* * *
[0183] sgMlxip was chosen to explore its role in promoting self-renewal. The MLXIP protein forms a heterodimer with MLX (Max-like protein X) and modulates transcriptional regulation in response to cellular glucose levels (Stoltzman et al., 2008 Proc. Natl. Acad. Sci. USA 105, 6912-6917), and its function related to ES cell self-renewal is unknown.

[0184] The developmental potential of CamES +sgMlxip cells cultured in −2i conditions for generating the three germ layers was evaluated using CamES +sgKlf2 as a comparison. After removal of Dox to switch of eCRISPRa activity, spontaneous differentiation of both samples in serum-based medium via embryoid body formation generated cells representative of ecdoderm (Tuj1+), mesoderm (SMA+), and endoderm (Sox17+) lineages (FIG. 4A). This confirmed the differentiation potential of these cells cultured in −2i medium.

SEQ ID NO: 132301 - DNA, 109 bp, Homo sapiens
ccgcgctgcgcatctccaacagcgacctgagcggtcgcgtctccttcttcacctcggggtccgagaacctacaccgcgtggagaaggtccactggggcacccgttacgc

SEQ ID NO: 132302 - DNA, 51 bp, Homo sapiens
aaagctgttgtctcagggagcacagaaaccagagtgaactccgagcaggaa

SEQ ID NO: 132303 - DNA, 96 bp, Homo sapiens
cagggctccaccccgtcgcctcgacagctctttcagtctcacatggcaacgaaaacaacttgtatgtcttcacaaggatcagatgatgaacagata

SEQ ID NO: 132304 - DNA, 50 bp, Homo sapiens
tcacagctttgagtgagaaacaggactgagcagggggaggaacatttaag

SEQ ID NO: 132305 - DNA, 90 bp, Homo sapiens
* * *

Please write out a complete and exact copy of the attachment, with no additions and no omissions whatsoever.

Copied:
[0183] sgMlxip was chosen to explore its role in promoting self-renewal. The MLXIP protein forms a heterodimer with MLX (Max-like protein X) and modulates transcriptional regulation in response to cellular glucose levels (Stoltzman et al., 2008 Proc. Natl. Acad. Sci. USA 105, 6912-6917), and its function related to ES cell self-renewal is unknown.

[0184] The developmental potential of CamES +sgMlxip cells cultured in −2i conditions for generating the three germ layers was evaluated using CamES +sgKlf2 as a comparison. After removal of Dox to switch of eCRISPRa activity, spontaneous differentiation of both samples in serum-based medium via embryoid body formation generated cells representative of ecdoderm (Tuj1+), mesoderm (SMA+), and endoderm (Sox17+) lineages (FIG. 4A). This confirmed the differentiation potential of these cells cultured in −2i medium.

SEQ ID NO: 132301 - DNA, 109 bp, Homo sapiens
ccgcgctgcgcatctccaacagcgacctgagcggtcgcgtctccttcttcacctcggggtccgagaacctacaccgcgtggagaaggtccactggggcacccgttacgc

SEQ ID NO: 132302 - DNA, 51 bp, Homo sapiens
aaagctgttgtctcagggagcacagaaaccagagtgaactccgagcaggaa

SEQ ID NO: 132303 - DNA, 96 bp, Homo sapiens
cagggctccaccccgtcgcctcgacagctctttcagtctcacatggcaacgaaaacaacttgtatgtcttcacaaggatcagatgatgaacagata

SEQ ID NO: 132304 - DNA, 50 bp, Homo sapiens
tcacagctttgagtgagaaacaggactgagcagggggaggaacatttaag

SEQ ID NO: 132305 - DNA, 90 bp, Homo sapiens